Errol Morris
[Documentary filmmaker, b. 1948, Hewlett, New York, lives in Cambridge, Massachusetts.]

 They say seeing is believing, but the opposite is true. Believing is seeing. 

Walter Benn Michaels
[Writer and critic, b. 1948, lives in Chicago.]

 What a [Cindy Sherman] photograph shows is an object that has been called into the world by the existence of cameras; the pose, as pose, calls attention to this fact and criticizes the world the camera has made; the camera, then, records this critique. 

Arno Rafael Minkkinen
[Photographer, b. 1945, Helsinki, Finland, lives in Andover, Massachusetts.]

 I think photography piles up the limitations more than any other medium I know… To outwit the calamities, I have learned to formulate a partnership with spontaneity. 

Richard Misrach
[Photographer, b. 1949, Los Angeles, lives in San Francisco.]

 I am not unaware that I have the mindset, as contradictory as it may sound, to discover in the world what I am in fact looking for. Perhaps the best pictures are a seamless hybrid of discovery and construction. 

Toni Morrison
[Writer, b. 1931, Lorain, Ohio, lives in Princeton, New Jersey.]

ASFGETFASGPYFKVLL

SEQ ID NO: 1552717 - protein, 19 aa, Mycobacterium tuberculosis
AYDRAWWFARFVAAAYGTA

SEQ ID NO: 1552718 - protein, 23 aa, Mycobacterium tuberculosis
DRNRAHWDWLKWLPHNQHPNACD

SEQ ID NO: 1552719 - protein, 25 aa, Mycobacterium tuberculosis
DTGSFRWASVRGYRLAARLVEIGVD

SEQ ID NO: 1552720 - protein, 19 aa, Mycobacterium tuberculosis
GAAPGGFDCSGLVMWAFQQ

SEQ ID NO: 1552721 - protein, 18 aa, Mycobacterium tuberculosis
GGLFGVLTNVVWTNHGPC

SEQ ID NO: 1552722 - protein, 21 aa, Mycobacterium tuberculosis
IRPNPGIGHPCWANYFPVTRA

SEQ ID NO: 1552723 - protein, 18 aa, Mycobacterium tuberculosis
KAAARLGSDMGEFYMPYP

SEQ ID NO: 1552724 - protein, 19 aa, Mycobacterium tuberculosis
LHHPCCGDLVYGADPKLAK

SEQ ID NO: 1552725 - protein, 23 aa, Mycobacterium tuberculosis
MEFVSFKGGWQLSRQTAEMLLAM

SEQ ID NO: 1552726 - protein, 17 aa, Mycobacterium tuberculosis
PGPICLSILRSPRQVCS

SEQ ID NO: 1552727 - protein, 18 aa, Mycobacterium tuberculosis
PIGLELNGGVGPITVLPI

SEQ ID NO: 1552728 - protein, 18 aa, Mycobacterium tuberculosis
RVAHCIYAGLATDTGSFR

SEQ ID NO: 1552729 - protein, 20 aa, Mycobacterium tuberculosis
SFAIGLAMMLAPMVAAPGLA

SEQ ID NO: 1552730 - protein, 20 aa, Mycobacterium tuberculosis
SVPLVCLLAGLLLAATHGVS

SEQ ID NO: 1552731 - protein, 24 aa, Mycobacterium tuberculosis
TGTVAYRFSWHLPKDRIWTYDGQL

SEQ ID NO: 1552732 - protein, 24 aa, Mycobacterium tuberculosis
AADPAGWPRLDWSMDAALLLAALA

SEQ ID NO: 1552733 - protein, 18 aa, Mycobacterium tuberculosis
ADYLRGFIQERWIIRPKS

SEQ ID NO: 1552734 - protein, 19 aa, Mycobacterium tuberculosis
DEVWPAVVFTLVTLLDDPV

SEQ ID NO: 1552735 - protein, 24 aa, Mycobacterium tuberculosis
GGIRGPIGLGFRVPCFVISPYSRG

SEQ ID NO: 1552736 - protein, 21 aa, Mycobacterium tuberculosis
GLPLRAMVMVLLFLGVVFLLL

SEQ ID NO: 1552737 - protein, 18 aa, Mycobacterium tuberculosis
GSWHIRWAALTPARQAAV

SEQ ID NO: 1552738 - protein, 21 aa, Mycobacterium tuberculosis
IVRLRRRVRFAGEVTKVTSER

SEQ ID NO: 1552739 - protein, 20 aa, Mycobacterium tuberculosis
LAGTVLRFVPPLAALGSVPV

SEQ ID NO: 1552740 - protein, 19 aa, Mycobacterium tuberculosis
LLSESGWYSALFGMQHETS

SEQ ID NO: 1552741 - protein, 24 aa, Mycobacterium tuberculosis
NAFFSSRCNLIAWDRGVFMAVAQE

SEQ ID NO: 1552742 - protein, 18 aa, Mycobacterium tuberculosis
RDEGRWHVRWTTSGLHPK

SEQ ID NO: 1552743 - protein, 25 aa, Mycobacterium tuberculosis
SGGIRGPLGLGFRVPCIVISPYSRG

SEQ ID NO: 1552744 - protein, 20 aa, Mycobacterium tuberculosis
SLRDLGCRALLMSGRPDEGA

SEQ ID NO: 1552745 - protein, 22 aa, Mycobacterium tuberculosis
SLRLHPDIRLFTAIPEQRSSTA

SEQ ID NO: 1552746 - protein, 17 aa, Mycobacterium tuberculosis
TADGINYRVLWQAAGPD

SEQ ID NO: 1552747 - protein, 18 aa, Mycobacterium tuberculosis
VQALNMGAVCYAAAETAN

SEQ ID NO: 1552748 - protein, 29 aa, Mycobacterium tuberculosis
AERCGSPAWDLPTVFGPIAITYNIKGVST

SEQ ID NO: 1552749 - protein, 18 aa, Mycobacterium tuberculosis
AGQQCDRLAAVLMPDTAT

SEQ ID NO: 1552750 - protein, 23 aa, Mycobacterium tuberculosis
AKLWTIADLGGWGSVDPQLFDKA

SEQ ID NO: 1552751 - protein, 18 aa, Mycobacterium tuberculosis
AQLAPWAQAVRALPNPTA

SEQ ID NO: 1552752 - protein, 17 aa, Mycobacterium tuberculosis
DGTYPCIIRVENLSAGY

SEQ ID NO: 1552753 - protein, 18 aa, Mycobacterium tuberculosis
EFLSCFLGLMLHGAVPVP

At some point in life the world’s beauty becomes enough. You don’t need to photograph, paint or even remember it. It is enough. 

Chris Marker
[Photographer and filmmaker, b. 1921, Neuilly-sur-Seine, Île-de-France, d. 2012, Paris.]

 ...after a certain quantity, photos apparently taken by chance, postcards chosen according to a passing mood, begin to trace an itinerary, to map the imaginary country that stretches out before us. 

Samuel Morse
[Inventor and artist, b. 1791, Charlestown, Massachusetts, d. 1872, New York.]

 [The daguerreotype will] banish the sketchy, slovenly daubs that pass for spirited and learned; those works which possess mere general effect without detail, because, forsooth, detail destroys general effect. Nature, in the results of Daguerre’s process, has taken the pencil into her own hands, and she shows that the minutest detail disturbs not the general repose. (1839) 

Bill McKibben
[Writer, b. 1960, Palo Alto, California, lives near Lake Chanokaub, New York.]

 After a lifetime of nature shows and magazine photos, we arrive at the woods conditioned to expect splendor—surprised when the parking lot does not contain a snarl of animals attractively mating and killing each other.